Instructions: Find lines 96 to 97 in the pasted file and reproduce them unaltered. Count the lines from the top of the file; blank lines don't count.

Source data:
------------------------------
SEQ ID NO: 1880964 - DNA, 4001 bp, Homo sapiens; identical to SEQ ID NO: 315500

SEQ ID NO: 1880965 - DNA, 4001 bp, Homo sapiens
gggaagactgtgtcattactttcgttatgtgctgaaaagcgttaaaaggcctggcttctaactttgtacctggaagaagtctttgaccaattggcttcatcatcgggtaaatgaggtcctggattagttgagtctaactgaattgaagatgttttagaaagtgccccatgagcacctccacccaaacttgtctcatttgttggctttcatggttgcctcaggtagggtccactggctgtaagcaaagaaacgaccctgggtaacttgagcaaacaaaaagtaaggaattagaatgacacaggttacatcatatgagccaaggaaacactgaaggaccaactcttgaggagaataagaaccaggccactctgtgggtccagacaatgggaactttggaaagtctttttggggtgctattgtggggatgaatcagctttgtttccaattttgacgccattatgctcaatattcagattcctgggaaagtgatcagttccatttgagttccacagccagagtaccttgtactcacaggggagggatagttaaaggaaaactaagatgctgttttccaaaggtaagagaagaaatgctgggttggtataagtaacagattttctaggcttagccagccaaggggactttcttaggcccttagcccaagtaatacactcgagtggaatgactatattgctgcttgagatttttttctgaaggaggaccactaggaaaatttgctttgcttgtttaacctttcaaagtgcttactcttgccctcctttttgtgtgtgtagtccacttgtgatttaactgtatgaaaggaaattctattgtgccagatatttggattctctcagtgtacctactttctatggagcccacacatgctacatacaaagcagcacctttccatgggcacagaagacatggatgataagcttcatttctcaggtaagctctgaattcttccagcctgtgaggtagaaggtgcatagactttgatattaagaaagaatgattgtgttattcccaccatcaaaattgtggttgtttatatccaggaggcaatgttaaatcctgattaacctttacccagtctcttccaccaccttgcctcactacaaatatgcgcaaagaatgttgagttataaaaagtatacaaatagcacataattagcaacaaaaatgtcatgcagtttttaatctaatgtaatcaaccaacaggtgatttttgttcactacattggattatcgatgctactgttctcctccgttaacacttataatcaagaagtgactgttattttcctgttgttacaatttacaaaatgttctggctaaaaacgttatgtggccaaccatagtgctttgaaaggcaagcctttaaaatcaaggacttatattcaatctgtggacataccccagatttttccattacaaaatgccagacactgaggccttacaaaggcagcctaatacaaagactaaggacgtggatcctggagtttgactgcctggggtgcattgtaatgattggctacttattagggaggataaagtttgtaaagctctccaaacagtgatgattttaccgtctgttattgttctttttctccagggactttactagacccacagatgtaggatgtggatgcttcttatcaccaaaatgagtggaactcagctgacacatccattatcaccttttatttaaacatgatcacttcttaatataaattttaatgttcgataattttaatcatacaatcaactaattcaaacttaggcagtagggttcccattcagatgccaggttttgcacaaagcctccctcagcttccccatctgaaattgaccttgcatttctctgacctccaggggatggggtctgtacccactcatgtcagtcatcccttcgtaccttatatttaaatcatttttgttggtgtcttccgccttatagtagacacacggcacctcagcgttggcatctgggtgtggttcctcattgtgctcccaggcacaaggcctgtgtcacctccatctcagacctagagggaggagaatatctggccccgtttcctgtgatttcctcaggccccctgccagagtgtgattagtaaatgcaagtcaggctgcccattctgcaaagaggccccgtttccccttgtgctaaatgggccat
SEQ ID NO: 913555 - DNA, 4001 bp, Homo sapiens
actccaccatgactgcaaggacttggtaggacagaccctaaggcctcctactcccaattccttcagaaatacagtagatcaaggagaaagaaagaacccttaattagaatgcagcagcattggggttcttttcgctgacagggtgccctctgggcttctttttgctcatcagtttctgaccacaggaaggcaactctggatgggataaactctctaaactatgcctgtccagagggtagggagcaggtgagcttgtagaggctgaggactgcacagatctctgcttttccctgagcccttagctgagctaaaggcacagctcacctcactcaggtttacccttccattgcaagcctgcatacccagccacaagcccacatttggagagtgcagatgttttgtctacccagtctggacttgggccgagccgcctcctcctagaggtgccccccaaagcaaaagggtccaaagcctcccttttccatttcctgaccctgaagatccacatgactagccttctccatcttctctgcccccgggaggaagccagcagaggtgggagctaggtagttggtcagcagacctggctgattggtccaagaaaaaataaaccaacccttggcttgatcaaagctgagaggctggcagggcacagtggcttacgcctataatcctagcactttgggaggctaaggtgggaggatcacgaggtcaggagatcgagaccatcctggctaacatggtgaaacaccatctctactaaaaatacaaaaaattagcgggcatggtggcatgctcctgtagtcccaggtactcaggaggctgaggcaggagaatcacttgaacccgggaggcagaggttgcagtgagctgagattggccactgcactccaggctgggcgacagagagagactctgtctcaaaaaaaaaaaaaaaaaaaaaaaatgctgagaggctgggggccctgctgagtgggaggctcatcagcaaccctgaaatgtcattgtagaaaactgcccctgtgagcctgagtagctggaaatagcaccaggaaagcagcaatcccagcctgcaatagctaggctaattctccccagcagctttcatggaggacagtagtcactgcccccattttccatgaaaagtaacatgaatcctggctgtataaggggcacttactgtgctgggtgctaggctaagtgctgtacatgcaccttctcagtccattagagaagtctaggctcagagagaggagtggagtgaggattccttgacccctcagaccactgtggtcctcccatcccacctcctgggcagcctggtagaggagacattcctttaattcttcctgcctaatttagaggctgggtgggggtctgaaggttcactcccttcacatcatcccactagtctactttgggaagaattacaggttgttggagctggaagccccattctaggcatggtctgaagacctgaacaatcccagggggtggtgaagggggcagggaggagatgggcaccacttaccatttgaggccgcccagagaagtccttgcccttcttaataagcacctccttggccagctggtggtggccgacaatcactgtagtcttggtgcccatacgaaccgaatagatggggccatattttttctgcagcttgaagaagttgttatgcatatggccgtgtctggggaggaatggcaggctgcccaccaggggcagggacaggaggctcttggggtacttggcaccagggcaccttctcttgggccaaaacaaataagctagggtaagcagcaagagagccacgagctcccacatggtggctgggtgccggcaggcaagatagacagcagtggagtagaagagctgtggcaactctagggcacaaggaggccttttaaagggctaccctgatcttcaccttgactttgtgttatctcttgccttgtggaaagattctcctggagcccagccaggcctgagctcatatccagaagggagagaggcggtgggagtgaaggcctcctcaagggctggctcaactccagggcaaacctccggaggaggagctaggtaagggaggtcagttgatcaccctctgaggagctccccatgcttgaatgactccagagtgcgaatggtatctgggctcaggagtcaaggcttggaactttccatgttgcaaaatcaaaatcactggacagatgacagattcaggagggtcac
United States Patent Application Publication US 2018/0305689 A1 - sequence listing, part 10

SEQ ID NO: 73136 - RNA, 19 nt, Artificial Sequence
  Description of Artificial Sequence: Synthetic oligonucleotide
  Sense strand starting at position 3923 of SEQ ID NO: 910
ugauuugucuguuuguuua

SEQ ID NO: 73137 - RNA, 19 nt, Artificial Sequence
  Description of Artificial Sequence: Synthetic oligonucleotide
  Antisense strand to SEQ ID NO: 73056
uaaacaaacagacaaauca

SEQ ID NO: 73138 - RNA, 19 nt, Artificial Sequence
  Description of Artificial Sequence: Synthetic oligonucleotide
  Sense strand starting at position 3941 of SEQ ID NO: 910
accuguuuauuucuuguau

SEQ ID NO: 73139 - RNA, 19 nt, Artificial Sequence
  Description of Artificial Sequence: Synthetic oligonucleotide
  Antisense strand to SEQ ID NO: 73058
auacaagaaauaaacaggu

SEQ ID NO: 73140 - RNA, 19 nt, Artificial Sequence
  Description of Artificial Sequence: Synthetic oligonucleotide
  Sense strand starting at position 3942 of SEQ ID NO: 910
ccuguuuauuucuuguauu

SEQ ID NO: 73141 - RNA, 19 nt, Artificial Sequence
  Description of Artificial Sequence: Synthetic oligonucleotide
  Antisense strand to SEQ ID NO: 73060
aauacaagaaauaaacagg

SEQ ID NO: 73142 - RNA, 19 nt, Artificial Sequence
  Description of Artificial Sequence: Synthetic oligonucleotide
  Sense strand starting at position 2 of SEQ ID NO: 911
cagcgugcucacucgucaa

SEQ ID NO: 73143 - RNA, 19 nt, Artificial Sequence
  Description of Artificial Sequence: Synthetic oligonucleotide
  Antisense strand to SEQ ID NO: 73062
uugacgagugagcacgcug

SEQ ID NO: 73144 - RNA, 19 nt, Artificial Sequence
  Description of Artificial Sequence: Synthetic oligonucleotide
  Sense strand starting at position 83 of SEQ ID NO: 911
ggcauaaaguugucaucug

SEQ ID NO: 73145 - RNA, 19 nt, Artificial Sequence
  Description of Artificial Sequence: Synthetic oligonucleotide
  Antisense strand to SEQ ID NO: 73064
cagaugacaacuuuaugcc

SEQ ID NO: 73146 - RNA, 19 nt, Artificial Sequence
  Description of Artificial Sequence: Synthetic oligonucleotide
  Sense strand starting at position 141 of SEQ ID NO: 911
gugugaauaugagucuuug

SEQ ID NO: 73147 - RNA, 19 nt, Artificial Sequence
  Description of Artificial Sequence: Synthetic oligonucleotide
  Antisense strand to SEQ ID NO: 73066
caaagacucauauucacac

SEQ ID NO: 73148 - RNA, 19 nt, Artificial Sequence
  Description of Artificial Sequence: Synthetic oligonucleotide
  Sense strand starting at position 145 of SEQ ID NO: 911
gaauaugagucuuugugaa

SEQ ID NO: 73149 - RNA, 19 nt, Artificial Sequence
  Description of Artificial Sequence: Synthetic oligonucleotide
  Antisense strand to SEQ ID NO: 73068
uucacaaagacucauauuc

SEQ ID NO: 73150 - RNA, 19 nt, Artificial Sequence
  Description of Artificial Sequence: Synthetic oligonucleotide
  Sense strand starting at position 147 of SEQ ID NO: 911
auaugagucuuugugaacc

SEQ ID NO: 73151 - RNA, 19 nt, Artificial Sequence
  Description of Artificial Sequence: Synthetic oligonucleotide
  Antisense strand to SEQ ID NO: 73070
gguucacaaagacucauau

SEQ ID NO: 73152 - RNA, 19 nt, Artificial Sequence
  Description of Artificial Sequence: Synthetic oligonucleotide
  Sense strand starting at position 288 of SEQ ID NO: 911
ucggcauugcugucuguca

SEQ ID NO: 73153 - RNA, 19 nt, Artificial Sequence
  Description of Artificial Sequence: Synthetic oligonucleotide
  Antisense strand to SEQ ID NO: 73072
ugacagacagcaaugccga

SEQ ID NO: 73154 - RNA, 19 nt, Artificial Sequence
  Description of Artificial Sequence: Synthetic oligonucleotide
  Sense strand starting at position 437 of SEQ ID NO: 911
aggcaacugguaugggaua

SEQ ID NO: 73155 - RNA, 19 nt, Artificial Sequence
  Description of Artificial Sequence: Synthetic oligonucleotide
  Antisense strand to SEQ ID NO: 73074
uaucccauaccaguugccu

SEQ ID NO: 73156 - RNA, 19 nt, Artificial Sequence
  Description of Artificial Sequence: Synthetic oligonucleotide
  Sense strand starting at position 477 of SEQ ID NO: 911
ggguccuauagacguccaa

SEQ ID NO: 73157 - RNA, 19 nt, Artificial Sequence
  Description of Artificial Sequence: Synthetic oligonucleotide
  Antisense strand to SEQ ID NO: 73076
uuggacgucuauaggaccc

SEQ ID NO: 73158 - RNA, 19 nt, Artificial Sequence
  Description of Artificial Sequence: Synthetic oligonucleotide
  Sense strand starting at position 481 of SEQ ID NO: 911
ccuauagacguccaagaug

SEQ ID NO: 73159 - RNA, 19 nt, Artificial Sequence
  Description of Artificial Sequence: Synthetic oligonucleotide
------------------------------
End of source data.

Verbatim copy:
  Description of Artificial Sequence: Synthetic oligonucleotide
  Sense strand starting at position 481 of SEQ ID NO: 911